FOR IMMEDIATE RELEASE
Tuesday, June 14th, 2022
During Disaster Flooding, Gov. Gianforte Chooses to Not Return to Montana; Fails to Tell Public That Lt. Gov. Is Serving as Acting Governor
Helena, MT – Tuesday morning – more than 36 hours after the devastating flooding hit South Central Montana – the Office of the Governor declared a state of disaster for flooding in Carbon, Park, and Stillwater counties– however, it wasn’t Governor Greg Gianforte who signed the executive order. It was his lieutenant governor, Kristen Juras, who signed as “Acting Governor.”
For more than 36 hours after the flooding began, Governor Gianforte kept his out-of-country travel a secret, only admitting to the public or the press that the Lieutenant Governor was serving as Acting Governor once the story broke.
Gianforte owes Montana answers:
- Where is he? And what is he doing that he thinks is more important than leading Montana through this crisis?
- Who is in charge of Montana’s emergency response?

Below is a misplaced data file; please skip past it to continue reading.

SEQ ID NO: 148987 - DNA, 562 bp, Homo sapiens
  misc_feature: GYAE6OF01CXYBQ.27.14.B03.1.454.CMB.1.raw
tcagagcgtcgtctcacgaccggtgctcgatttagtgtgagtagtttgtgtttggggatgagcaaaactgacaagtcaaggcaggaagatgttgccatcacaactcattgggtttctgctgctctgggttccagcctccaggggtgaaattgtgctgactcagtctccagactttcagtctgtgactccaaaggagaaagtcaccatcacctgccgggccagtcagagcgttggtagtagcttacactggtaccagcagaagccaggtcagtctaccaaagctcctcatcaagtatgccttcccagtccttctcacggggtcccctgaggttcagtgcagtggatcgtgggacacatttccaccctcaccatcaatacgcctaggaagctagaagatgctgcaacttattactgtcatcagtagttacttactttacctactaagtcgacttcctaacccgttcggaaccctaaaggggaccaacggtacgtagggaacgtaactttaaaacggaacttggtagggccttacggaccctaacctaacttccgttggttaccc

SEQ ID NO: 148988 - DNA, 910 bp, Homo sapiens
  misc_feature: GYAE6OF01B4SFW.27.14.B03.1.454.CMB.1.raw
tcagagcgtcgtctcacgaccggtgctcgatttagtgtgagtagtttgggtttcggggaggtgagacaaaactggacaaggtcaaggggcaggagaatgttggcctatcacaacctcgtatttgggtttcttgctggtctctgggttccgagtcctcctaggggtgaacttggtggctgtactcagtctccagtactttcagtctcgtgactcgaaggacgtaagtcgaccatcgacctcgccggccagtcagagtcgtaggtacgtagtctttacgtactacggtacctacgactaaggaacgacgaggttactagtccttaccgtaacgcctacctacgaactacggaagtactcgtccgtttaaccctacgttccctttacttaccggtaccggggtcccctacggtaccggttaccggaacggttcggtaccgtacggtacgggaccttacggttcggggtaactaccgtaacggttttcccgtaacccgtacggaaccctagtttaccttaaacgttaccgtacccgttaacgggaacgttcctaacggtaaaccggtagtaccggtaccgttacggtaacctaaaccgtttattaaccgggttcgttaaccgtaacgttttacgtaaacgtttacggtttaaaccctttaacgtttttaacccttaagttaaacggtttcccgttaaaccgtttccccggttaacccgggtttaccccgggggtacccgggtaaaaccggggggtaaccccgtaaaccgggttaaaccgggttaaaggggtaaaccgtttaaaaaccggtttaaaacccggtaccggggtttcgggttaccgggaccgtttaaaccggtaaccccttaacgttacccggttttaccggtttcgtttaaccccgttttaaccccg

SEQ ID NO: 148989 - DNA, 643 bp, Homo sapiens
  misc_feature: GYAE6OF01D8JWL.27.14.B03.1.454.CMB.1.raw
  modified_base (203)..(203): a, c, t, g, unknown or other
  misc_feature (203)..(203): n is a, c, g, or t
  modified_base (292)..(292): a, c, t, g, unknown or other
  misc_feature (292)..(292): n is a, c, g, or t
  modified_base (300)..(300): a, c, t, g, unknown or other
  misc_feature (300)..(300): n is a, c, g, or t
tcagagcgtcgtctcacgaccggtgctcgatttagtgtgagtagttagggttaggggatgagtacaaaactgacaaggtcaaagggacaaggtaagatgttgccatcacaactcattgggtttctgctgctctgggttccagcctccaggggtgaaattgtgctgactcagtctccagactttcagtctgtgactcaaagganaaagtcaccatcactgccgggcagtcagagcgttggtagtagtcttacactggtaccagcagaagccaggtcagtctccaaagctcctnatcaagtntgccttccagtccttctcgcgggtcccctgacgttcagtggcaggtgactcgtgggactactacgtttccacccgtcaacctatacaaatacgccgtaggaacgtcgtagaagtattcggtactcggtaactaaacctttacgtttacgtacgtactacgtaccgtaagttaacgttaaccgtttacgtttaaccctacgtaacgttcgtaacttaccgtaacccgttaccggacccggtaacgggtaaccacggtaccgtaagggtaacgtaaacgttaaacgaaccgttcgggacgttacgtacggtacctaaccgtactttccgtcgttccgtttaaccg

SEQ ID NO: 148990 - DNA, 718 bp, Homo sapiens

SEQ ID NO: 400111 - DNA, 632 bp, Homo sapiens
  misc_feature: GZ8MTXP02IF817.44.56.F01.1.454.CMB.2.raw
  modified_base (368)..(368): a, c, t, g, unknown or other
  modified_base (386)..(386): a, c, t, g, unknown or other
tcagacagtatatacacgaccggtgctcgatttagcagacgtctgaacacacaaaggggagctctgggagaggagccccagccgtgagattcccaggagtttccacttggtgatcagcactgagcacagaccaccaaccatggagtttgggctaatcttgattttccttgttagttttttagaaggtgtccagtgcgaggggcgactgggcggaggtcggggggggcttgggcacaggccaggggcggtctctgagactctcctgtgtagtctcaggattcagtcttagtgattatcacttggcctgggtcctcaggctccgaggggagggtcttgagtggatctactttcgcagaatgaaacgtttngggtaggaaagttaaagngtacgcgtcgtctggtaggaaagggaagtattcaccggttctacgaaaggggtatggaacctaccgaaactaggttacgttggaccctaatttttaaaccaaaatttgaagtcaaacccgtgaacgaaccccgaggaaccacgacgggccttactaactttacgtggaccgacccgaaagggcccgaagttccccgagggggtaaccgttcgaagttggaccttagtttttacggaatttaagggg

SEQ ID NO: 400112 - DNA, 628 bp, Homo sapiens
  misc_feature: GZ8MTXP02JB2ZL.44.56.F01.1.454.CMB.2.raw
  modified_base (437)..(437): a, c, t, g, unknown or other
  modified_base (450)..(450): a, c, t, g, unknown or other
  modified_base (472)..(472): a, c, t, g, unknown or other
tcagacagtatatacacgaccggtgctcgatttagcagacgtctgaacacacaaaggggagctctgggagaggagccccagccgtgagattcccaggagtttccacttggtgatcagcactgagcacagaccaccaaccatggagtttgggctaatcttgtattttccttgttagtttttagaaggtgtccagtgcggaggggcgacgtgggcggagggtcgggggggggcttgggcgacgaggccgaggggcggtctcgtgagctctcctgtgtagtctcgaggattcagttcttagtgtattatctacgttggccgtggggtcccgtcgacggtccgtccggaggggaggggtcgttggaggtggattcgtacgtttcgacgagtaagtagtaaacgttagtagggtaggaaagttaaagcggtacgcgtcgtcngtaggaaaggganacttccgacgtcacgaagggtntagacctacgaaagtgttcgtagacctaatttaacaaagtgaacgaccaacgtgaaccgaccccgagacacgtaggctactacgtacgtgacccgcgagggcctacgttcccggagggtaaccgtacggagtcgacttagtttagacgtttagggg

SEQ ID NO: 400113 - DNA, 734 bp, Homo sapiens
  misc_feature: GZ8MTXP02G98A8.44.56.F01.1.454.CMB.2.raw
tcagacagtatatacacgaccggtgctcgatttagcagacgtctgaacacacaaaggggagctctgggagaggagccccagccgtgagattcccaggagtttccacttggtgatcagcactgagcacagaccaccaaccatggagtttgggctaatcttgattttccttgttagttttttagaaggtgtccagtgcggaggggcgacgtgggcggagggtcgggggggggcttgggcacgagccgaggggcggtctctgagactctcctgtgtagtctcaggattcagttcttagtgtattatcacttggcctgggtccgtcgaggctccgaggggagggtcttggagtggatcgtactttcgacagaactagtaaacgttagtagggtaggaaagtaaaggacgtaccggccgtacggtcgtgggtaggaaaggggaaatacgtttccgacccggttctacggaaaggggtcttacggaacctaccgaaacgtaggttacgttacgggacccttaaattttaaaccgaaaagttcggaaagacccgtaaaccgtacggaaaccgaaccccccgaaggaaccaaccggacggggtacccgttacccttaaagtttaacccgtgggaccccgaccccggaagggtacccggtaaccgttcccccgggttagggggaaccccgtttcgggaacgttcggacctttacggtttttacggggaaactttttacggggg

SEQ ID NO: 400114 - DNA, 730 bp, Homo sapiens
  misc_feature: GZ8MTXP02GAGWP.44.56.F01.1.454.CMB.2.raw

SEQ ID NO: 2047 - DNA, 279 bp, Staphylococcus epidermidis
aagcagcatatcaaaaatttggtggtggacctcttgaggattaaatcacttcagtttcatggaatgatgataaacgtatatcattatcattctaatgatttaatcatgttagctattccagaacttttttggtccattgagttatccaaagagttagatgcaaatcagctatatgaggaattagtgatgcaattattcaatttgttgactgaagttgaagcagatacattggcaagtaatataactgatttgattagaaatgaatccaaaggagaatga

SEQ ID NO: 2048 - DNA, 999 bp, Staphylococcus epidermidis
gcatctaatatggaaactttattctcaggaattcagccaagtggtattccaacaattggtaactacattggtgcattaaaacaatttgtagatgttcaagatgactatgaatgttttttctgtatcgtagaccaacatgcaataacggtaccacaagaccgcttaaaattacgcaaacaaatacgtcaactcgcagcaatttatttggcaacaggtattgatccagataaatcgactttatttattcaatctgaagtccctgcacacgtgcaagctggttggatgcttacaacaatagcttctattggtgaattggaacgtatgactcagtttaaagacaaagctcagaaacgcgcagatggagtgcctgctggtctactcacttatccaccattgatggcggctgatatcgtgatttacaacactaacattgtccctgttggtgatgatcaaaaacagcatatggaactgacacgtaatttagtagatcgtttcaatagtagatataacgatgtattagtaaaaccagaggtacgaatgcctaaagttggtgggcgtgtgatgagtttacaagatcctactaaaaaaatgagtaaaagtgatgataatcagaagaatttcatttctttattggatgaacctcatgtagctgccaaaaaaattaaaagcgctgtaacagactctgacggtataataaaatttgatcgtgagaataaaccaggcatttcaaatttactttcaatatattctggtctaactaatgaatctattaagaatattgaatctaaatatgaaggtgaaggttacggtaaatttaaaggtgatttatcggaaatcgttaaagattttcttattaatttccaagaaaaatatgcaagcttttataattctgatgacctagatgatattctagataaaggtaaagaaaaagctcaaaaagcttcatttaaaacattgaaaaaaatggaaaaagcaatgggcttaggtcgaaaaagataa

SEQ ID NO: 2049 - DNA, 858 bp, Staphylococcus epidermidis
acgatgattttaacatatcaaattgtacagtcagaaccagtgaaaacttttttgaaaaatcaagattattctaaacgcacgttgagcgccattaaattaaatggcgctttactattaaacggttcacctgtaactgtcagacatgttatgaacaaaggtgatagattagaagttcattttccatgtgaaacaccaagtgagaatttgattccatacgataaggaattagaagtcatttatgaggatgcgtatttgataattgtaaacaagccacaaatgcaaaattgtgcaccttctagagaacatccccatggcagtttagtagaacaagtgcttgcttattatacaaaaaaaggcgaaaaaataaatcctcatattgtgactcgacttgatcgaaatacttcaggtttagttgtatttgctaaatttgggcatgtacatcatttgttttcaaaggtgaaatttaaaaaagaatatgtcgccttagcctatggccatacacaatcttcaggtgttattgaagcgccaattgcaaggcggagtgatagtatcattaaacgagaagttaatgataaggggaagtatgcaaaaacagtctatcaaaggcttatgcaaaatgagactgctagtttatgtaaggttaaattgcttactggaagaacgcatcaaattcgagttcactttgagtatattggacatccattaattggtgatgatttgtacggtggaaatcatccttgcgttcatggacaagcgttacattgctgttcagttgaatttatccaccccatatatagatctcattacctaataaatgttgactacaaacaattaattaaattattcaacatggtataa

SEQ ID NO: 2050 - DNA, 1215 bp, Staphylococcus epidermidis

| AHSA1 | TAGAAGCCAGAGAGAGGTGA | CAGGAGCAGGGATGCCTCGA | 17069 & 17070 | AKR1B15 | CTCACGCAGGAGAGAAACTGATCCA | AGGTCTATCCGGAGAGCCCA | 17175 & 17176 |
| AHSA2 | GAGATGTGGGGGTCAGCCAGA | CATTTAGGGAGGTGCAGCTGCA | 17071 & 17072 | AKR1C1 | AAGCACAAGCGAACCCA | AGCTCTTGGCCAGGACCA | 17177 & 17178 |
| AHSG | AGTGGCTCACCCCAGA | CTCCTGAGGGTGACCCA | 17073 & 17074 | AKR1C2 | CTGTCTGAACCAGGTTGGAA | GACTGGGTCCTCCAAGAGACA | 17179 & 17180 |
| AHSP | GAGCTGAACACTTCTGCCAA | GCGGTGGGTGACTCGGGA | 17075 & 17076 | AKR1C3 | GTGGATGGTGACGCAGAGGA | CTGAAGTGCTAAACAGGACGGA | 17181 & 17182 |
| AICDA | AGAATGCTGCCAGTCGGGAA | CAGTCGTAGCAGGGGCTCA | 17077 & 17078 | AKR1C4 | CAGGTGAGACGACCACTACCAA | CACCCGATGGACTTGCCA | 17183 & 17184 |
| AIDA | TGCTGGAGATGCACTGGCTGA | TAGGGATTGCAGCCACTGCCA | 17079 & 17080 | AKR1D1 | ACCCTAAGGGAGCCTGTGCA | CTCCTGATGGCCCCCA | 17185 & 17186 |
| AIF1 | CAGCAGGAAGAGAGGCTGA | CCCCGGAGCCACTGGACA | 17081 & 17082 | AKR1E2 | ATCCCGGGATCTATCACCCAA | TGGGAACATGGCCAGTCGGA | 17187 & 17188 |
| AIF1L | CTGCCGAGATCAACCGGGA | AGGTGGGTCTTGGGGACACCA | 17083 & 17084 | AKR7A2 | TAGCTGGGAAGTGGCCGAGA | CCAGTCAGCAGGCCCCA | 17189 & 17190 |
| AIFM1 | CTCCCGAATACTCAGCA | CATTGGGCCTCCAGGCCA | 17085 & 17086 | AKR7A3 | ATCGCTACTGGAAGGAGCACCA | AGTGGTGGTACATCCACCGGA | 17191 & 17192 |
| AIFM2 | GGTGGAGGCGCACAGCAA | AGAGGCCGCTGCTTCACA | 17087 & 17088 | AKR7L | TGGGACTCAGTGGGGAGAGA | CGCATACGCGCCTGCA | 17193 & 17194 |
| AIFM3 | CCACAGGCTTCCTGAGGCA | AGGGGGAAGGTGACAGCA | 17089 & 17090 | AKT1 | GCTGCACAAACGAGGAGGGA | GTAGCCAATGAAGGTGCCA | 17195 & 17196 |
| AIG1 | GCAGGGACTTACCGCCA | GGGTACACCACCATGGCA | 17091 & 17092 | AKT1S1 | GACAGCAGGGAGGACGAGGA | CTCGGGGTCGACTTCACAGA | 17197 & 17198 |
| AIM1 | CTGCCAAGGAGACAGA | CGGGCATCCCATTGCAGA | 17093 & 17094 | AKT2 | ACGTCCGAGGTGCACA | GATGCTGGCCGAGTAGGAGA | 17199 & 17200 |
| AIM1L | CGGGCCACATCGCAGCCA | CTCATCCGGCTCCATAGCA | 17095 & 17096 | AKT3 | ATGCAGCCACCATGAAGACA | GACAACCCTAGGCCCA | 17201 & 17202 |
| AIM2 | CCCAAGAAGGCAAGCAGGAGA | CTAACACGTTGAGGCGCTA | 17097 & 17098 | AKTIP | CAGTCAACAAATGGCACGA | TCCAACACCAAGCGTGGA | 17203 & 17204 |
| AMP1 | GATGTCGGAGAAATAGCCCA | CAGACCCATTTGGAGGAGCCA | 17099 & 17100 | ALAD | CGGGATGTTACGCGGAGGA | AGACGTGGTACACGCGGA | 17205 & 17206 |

- When did Governor Gianforte leave the country?
- When will Governor Gianforte choose to return to Montana?
- Why did the Governor not publicly announce that Juras was serving as Acting Governor?
According to Montana state code, in order for a lieutenant governor to assume the duties of Acting Governor, the sitting governor must either request that they serve in writing, the sitting governor must be out of the state for more than 45 days, or be otherwise “unable to communicate.”
“This flooding has and will continue to inflict devastation on the communities in south central Montana. Why did Governor Gianforte think it was appropriate to lie to the public during this crisis? Where is he? Was he planning on telling the public that he had asked his lieutenant to serve as Acting Governor?” asks Sheila Hogan, executive director of the Montana Democratic Party. “Montana needs a governor who can lead us through emergencies, like the one we face now. Instead, Governor Gianforte chose to leave the country instead of show up for work.”
Background: Monday, a massive flood tore through Yellowstone National Park and the surrounding Carbon, Park, and Stillwater counties, closing the park, devastating and stranding communities, and destroying bridges and roads. The effects of this natural disaster will be profound and long lasting.
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